Head coach, Cleveland Cavaliers
It’s hard to imagine Cleveland Cavaliers coach David Blatt being nervous. Inserted into a new city, a new country (after coaching and living in Israel for years) and the NBA’s hottest story last year (LeBron James returning to try to bring a championship to Cleveland), Blatt seemed unfazed by the moment.
But even Blatt says he was a little nervous for his bar mitzvah at Temple Beth Am in Framingham, Mass. Calmly sipping soup in an office tucked just behind the actual basketball courts of Cleveland Clinic Courts in Independence, Blatt reflected on what nerves, if any, he felt at his bar mitzvah.
“I think every kid is a little nervous because it’s one of the first times in your life where you actually get up in front of people and you have to perform and you’re expected to do a good job – or your personal ambition is to do a good job – but I don’t remember being particularly traumatized,” Blatt says. “I remember it being a fun experience, and maybe that is just in my character. I’ve always been someone who doesn’t mind getting up in front of other people and talking.”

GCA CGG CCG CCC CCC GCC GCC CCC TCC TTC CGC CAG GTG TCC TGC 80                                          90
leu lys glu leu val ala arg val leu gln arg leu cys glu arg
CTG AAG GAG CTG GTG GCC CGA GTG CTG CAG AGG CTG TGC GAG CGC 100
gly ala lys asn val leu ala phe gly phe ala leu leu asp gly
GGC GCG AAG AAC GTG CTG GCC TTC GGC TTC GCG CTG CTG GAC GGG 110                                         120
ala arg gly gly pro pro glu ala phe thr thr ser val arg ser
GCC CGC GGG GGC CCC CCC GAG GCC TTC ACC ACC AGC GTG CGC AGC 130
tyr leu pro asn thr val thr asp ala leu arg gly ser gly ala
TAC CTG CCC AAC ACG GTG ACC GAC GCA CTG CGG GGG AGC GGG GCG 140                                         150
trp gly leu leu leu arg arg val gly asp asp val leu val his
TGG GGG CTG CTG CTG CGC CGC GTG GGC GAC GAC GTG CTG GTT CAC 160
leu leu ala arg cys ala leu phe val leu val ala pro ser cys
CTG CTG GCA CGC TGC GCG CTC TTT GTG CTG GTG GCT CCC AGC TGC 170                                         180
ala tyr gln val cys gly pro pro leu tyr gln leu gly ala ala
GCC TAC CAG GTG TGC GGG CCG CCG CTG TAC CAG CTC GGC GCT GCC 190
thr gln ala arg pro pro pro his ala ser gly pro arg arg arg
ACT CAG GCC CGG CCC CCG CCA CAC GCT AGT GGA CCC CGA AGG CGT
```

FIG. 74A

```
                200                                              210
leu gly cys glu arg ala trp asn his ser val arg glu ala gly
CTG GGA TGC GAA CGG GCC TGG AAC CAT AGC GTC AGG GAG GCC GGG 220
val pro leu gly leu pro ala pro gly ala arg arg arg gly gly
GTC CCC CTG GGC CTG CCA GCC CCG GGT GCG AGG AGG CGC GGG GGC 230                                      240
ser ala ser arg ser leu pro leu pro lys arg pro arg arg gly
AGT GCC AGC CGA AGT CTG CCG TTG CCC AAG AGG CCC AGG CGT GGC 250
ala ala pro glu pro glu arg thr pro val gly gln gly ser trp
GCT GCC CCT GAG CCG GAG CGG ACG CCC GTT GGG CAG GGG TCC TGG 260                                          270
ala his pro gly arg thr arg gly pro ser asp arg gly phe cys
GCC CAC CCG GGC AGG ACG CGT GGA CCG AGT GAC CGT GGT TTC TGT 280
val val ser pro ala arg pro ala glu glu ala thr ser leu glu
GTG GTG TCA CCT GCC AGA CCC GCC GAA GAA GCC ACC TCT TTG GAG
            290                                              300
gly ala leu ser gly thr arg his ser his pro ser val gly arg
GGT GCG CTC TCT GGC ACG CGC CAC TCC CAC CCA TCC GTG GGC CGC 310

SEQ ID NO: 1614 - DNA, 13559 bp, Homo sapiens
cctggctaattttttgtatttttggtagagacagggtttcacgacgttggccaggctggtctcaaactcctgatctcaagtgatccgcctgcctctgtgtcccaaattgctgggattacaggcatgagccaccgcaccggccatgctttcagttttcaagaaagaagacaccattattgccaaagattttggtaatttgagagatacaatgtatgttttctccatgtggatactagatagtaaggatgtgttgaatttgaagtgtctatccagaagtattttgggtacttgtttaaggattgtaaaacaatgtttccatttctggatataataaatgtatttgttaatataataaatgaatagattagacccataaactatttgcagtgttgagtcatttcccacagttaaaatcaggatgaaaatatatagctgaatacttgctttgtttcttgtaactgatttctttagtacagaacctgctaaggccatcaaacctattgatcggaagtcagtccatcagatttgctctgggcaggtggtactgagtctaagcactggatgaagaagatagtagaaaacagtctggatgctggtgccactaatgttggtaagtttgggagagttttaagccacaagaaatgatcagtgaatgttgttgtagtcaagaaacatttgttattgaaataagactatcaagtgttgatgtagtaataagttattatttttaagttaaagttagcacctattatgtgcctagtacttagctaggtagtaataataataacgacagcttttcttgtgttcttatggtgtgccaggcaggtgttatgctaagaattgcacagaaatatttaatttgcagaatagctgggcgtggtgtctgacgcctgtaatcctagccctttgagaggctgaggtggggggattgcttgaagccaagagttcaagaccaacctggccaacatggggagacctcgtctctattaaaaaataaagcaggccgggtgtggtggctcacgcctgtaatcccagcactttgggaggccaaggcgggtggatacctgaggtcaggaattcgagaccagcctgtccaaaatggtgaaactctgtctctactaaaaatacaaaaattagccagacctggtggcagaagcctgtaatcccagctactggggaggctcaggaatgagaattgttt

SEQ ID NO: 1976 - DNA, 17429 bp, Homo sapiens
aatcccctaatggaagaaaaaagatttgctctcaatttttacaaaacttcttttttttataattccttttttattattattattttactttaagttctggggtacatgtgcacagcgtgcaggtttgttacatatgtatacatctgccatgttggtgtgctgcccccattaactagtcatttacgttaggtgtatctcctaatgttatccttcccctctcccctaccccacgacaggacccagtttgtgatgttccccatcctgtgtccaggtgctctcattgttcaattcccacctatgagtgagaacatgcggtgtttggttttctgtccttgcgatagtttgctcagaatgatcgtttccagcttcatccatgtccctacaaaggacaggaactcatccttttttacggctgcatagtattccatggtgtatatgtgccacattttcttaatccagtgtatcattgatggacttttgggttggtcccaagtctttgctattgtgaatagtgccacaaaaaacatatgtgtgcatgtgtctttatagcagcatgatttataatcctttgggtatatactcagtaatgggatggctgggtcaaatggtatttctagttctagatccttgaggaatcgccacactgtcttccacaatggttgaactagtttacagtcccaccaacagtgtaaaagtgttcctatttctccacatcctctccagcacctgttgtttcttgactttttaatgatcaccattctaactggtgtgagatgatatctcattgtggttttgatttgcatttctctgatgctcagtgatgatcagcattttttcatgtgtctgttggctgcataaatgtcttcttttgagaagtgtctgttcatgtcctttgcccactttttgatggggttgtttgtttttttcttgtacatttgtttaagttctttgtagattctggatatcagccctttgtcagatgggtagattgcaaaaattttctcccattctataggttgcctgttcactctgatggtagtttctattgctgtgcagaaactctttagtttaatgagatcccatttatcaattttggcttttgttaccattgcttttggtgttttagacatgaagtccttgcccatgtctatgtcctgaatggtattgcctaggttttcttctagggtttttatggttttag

It may be hard to believe now, given the hoarse “coach voice” that Blatt carries with him to postgame press conferences, but Blatt said he was a fairly accomplished singer growing up. He sang in the men’s choir, mixed choir and a cappella through high school.
Years after his successful bar mitzvah performance, Blatt heard his voice on TV and was stunned.
“Since I started coaching, I’ve lost my voice altogether. Coaching is rough on the vocal cords,” Blatt says. “I heard myself on television the other day. My voice was gruffy and scruffy. I was like, ‘Oh geez, is that you?”
As talented as his voice was and as confident as he was, Blatt didn’t rack up the gifts.
“Let me put it this way, I don’t remember me coming away from my bar mitzvah with my college education in tow,” Blatt says. “Let’s put it that way.”
Part of the reason might be the fact that the Blatt family didn’t have a fancy reception. They just had people over to the family house.
“Well, usually the size of the gift goes along with the size of the party,” Blatt says. “My party wasn’t that big so my gifts weren’t that big.”
Blatt finished 53-29 in his first season with the Cavs, a 20-game improvement from Mike Brown’s mark in 2013-2014, guiding them to a sweep in the Eastern Conference Finals and within two games of a national championship.
Blatt, who returned to Israel this summer for a month-plus to enjoy sunny, 90-degree weather every day in the company of his family, was the Euroleague Alexander Gomelskiy Coach of the Year after leading Maccabi Tel Aviv to a stunning upset of Real Madrid for the Euroleague title. He also began his coaching career in Israel, for Hapoel Galil Elyon, and his time at Hapoel Galil Elyon and Maccabi Tel Aviv earned multiple “Israeli League Coach of the Year” honors.
This article appeared in the Fall/Winter 2015 issue of Bar•Bat Mitzvah.